family Serranidae

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ThesaurusAntonymsRelated WordsSynonymsLegend: Serranidae - marine fishes: sea basses; sea perches; groupers; jewfish
fish family - any of various families of fish
order Perciformes, order Percomorphi, Perciformes, Percomorphi - one of the largest natural groups of fishes of both marine and fresh water: true perches; basses; tuna
serranid, serranid fish - marine food sport fishes mainly of warm coastal waters
genus Morone, Morone - carnivorous fresh and salt water fishes
sea bass - any of various food and sport fishes of the Atlantic coast of the United States having an elongated body and long spiny dorsal fin
genus Synagrops, Synagrops - a genus of Serranidae
genus Roccus, Roccus - a genus of Serranidae
genus Serranus, Serranus - type genus of the Serranidae: mostly small Pacific sea basses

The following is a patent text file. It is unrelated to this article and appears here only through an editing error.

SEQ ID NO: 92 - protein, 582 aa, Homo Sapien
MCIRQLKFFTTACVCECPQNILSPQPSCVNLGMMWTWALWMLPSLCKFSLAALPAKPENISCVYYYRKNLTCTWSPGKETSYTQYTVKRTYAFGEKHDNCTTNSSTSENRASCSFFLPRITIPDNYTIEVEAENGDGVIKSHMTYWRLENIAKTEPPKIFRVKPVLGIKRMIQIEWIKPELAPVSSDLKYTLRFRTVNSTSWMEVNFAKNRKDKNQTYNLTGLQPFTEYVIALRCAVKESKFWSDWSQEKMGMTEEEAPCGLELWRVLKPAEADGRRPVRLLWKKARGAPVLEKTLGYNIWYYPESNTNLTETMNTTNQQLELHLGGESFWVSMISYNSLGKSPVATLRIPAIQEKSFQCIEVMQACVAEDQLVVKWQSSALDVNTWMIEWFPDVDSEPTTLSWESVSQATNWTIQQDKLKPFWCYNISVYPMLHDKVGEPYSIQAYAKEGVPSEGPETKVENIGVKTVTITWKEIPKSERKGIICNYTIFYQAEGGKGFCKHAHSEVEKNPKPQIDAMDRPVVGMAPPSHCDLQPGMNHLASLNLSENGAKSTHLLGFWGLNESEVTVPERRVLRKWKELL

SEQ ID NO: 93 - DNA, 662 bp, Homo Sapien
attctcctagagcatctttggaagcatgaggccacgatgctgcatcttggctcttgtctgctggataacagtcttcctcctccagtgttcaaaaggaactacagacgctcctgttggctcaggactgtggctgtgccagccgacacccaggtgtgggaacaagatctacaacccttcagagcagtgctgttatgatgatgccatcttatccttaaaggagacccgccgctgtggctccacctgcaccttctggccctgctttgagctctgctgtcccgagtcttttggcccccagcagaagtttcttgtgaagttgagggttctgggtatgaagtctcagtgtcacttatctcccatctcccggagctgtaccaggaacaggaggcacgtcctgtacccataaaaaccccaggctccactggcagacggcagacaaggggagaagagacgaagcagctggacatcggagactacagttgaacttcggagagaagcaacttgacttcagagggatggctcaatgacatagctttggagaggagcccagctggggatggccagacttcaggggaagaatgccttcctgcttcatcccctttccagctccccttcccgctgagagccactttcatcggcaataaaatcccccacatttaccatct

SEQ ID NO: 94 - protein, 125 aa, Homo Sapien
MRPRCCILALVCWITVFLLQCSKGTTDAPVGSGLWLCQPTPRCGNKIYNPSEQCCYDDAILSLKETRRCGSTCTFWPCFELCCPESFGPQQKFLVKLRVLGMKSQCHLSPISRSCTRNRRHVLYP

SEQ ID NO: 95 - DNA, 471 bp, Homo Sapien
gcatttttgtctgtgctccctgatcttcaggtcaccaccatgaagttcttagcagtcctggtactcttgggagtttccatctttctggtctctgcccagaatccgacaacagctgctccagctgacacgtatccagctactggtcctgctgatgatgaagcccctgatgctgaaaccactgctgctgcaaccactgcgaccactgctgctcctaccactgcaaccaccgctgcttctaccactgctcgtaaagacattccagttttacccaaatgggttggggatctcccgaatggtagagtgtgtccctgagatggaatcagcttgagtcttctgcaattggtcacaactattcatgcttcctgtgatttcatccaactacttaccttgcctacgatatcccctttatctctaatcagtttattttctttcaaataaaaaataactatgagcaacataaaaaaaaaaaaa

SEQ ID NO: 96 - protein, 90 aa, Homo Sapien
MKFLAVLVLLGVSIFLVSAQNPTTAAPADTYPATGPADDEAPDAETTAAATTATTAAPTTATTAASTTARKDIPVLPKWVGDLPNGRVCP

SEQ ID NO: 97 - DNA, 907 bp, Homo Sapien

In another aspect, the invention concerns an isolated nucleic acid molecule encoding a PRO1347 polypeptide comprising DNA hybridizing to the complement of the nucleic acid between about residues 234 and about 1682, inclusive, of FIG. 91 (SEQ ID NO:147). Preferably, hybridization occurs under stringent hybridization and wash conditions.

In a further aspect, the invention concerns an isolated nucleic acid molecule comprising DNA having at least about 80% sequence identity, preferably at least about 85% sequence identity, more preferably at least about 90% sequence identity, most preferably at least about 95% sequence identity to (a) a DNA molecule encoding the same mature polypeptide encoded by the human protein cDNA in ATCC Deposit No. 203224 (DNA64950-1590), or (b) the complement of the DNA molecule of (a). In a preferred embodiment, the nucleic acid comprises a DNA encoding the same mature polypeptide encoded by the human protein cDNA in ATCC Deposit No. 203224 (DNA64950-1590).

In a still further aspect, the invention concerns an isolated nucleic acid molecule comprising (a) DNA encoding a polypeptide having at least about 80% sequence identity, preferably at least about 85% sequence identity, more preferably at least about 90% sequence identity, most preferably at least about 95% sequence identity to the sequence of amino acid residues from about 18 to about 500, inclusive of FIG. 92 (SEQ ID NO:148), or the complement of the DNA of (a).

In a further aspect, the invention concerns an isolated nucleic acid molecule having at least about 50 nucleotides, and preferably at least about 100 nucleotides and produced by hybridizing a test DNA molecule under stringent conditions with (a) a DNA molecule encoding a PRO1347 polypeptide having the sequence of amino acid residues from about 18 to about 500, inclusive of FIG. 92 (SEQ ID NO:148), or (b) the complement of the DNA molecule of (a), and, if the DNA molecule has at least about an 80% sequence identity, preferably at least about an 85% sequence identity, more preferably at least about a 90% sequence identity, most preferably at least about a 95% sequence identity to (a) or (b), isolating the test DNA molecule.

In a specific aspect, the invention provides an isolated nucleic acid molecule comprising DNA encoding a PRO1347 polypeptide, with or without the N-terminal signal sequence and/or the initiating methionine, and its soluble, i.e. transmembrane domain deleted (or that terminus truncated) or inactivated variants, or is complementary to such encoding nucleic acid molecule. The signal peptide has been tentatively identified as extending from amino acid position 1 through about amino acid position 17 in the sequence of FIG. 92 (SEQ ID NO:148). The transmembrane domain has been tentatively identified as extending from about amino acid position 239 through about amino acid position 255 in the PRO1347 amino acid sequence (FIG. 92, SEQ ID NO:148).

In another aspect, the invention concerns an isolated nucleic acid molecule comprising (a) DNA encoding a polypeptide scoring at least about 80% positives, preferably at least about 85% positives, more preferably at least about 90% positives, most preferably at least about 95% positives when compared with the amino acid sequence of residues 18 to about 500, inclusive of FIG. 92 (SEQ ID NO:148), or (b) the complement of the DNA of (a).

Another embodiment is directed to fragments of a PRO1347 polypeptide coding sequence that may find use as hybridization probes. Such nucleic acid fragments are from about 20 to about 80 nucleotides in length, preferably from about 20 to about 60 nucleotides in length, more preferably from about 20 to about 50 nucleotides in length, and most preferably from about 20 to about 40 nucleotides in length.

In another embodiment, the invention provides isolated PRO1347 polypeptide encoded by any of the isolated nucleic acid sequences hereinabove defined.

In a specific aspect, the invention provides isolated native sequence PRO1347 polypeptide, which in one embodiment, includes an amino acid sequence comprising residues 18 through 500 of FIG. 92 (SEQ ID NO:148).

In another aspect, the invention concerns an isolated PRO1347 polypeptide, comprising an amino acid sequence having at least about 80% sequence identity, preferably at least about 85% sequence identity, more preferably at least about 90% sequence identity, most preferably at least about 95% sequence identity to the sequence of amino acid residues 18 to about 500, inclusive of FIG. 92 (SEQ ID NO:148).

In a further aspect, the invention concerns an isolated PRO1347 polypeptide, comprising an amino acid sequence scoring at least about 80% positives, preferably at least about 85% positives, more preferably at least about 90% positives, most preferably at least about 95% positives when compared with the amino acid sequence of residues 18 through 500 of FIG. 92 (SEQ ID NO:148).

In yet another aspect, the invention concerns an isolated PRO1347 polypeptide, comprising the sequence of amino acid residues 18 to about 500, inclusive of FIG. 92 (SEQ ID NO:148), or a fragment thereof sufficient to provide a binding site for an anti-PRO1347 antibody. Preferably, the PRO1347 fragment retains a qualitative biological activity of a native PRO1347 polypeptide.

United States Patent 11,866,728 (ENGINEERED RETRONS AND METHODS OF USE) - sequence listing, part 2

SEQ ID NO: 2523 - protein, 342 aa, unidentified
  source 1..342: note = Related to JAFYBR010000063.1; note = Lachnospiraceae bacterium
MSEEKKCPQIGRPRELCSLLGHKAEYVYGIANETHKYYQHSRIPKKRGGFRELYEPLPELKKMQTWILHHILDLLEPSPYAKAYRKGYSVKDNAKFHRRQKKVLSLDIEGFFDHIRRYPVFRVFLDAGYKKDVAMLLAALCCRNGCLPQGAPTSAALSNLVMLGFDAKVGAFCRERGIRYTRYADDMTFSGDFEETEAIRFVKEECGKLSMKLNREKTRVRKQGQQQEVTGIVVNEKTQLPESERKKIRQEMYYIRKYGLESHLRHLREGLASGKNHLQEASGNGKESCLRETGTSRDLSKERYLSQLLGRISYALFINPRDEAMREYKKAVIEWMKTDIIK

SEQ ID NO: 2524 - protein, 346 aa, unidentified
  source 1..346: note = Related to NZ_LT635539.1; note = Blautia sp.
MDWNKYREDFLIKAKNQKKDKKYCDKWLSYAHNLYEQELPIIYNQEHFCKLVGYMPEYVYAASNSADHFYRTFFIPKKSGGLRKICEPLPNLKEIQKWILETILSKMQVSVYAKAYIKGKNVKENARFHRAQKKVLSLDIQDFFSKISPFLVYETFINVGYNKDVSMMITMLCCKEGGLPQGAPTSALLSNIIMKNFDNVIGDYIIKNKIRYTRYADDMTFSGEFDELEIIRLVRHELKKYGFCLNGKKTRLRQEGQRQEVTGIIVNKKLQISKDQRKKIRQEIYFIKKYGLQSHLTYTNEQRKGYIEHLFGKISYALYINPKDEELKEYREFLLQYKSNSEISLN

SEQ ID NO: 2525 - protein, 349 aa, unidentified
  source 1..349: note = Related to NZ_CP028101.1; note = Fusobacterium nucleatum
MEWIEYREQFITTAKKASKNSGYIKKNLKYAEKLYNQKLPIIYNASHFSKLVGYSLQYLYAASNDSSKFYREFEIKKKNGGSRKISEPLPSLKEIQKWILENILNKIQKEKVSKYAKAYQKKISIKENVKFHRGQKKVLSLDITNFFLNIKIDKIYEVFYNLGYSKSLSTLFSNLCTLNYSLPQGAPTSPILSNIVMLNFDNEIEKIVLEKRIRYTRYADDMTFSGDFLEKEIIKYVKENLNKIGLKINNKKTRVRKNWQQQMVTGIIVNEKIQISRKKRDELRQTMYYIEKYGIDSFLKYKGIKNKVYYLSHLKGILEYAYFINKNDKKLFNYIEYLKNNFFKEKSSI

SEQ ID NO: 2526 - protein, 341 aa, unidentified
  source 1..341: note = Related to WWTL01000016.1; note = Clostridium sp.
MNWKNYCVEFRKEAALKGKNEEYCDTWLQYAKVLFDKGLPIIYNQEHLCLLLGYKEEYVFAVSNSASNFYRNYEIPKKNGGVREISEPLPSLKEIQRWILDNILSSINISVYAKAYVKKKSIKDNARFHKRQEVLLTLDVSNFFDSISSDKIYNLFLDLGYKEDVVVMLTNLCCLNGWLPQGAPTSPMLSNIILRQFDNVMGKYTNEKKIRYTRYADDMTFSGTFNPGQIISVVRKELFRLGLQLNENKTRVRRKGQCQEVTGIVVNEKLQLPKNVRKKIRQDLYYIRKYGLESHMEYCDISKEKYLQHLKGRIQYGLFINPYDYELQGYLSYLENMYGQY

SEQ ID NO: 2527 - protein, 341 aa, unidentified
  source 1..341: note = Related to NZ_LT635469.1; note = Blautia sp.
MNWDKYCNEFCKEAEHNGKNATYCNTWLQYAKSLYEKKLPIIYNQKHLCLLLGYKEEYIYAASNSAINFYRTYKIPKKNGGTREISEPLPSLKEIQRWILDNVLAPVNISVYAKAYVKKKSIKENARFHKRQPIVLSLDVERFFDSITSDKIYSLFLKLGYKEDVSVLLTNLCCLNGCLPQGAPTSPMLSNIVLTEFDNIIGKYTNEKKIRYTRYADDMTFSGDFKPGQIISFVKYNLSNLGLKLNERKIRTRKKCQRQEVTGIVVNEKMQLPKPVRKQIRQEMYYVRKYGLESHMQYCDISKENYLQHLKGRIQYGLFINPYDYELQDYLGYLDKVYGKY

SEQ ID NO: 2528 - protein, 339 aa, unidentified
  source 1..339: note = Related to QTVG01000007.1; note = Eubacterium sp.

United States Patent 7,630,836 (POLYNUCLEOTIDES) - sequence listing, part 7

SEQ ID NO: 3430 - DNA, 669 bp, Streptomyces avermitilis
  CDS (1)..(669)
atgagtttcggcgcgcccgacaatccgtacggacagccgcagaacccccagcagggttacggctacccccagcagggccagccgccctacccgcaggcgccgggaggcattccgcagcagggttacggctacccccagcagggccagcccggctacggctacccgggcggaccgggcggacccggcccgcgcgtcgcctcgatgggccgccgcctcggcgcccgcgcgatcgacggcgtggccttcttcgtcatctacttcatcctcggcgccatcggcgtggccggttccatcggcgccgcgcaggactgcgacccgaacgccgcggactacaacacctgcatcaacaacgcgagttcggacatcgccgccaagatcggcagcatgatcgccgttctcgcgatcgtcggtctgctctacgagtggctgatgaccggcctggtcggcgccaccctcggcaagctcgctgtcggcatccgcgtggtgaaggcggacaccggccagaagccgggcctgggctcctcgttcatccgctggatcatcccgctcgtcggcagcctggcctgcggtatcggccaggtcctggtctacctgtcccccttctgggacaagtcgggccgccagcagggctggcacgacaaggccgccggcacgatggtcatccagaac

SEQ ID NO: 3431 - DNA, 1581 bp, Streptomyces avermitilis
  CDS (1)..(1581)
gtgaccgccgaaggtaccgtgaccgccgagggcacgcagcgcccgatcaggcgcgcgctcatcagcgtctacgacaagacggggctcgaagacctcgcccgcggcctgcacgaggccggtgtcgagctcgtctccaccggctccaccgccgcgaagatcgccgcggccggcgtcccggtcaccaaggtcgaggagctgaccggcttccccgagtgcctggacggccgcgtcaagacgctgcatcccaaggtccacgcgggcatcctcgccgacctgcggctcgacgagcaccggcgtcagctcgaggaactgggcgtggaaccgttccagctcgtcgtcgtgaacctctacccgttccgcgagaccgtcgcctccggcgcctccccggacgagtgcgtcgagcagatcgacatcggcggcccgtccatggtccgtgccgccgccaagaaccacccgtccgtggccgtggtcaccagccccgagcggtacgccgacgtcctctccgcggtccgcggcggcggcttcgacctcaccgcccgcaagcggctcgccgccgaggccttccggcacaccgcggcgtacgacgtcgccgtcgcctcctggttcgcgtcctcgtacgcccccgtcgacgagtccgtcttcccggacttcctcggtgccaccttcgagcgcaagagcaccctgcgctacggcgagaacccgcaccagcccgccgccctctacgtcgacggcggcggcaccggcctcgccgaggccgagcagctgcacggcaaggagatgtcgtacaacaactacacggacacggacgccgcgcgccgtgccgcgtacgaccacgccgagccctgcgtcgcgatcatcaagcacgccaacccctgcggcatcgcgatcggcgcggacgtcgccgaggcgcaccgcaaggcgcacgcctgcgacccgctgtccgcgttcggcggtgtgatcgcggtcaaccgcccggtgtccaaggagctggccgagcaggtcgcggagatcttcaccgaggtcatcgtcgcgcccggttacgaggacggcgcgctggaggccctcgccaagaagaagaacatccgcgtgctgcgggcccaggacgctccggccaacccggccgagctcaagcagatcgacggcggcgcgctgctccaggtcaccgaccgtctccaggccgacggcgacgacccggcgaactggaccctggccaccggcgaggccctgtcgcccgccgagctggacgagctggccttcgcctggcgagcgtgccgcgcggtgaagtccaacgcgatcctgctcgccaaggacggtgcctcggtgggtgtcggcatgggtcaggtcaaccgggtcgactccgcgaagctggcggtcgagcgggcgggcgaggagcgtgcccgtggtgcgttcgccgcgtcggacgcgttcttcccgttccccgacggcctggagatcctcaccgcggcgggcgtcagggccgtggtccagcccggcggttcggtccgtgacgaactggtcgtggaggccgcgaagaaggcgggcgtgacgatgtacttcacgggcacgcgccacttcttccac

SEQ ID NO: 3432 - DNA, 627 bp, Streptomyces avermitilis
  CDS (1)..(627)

Epinephelus, genus Epinephelus - genus of groupers or sea bass
genus Paranthias, Paranthias - a genus of Serranidae
genus Rypticus, Rypticus - a genus of fish of the family Serranidae, including soapfishes
Based on WordNet 3.0, Farlex clipart collection. © 2003-2012 Princeton University, Farlex Inc.
References in periodicals archive ?
curtus has previously been recorded in another serranid fish: Mycteroperca bonaci (Poey, 1860) in the littoral of Bahia and Espirito Santo (Luque et al., 1998), demonstrating the specificity of this sea lice for the fishes of the family Serranidae in the Atlantic Ocean.
The genus Acanthistius, included in the speciose family Serranidae (Nelson, 2006; but see Smith and Craig, 2007), is represented by 2 species in the Southwest Atlantic Ocean: Acanthistius brasilianus, which ranges from 15[degrees]S (Brazil) to 36[degrees]S (Uruguay) (Irigoyen et al., 2008) and Acanthistius patachonicus, which ranges from 23[degrees]S in Brazil to 48[degrees]S on the Argentine shelf (Irigoyen et al., 2008), at depths of 0-100 m (Cousseau and Perrotta, 2000).
The family Serranidae (Perciformes) is one of the largest perciform families with 5 subfamilies, 64 genera and 529 valid species (Eschmeyer & Fong, 2012).
Color patterns have often been used as key characters for identifying species within the family Serranidae (Heemstra and Randall 1993).

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